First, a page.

If you are looking at a visible image, chances are it is at night or during the twilight hours. Because visible imagery works by measuring the amount of visible light reflected back to the satellite sensors, overnight when there is no visible light, the images appear black. Around sunrise and sunset, when the light is very dim, the satellite imagery will appear very faint and will be hard to resolve detail on.
If the image that you are looking at is infrared, there is probably a problem with the satellite. Due to technical malfunctions or routine maintenance, sometimes infrared images are sent from the satellite that have large areas of no data on them. These will show up as partly black images.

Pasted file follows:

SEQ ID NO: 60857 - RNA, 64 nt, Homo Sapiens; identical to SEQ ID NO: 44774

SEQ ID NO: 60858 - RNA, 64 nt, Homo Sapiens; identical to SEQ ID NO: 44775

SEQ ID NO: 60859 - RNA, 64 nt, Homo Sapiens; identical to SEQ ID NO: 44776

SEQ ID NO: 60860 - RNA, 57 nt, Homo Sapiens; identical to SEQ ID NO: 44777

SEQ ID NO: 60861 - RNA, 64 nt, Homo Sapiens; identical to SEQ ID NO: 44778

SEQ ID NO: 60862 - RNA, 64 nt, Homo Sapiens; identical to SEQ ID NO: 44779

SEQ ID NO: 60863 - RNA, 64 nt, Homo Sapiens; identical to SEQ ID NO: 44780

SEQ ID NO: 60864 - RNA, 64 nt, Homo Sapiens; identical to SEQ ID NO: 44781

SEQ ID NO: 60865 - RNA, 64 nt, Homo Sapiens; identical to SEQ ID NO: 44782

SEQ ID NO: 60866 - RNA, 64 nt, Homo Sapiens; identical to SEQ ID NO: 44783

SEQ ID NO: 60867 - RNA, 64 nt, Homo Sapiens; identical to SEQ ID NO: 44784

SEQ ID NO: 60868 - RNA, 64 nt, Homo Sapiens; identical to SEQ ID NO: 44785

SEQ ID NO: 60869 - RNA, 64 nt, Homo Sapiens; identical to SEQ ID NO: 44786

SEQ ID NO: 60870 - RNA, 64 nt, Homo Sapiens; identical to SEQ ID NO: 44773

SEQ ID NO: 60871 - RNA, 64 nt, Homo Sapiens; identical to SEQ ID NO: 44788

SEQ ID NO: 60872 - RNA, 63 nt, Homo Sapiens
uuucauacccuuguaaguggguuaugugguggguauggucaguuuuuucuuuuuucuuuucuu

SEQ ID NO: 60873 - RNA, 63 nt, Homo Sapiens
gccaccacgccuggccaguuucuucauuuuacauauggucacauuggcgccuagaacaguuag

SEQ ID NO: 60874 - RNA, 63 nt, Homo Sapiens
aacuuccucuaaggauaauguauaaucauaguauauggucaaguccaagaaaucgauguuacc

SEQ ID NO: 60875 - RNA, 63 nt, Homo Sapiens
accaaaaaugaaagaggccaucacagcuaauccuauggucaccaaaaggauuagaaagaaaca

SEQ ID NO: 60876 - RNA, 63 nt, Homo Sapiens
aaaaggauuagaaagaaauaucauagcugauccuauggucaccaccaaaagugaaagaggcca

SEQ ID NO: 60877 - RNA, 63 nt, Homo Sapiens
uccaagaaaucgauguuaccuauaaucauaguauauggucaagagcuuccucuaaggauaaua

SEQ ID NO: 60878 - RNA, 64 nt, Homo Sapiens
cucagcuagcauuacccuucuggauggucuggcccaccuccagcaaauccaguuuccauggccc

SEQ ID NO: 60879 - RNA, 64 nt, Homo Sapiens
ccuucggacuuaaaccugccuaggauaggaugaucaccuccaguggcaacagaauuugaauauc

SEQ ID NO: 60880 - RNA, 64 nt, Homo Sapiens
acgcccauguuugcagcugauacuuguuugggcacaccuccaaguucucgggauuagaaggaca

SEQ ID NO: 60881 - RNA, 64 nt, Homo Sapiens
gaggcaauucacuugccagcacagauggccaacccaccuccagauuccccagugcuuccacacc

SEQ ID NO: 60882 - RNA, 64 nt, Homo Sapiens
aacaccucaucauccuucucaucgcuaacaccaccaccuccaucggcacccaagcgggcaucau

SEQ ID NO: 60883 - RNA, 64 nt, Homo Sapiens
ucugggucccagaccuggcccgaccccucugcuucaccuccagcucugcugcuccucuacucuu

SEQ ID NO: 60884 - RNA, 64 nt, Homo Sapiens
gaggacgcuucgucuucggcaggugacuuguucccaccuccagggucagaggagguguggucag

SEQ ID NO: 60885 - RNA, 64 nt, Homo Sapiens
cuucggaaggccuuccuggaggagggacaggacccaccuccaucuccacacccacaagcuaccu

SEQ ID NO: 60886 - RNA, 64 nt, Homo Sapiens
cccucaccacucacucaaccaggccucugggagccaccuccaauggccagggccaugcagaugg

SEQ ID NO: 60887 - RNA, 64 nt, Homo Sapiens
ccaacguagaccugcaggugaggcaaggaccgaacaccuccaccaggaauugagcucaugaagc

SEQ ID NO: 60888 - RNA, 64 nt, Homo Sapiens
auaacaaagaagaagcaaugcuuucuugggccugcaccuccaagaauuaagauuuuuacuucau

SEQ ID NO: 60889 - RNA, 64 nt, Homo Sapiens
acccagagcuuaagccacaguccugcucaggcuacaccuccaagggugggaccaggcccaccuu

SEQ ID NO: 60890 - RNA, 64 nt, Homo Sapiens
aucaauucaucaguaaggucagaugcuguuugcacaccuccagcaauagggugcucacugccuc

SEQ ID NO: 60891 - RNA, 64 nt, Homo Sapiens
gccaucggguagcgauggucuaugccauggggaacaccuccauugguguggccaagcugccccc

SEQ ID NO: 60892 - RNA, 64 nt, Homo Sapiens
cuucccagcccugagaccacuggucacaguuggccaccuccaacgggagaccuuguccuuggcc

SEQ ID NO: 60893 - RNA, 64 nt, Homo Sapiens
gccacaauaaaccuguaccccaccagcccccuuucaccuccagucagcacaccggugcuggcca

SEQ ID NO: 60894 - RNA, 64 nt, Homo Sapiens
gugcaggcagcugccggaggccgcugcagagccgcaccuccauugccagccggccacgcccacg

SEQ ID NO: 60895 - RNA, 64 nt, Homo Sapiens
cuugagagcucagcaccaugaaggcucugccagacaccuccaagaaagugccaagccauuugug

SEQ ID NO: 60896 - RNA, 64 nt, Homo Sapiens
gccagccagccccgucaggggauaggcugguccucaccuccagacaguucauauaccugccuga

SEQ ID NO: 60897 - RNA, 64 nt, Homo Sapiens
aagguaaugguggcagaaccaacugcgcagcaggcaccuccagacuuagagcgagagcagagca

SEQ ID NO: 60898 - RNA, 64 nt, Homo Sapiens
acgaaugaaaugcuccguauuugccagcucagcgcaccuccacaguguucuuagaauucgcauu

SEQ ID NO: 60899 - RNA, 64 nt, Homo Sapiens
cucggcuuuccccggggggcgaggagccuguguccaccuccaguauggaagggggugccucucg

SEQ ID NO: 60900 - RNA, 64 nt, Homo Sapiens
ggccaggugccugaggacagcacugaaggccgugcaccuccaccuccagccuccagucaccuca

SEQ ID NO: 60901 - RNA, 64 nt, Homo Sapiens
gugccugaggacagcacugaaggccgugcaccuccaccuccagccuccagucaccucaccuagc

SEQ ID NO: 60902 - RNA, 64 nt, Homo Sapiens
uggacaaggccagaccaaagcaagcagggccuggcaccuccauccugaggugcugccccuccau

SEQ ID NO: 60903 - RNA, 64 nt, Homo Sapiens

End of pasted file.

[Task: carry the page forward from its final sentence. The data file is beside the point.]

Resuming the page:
15:19 EST Editor's note: This story has been updated to clarify that the higher prices predicted by livestock agent Kevin Currie would be paid for dressed weight and not live weight bullocks, as was suggested in the original story.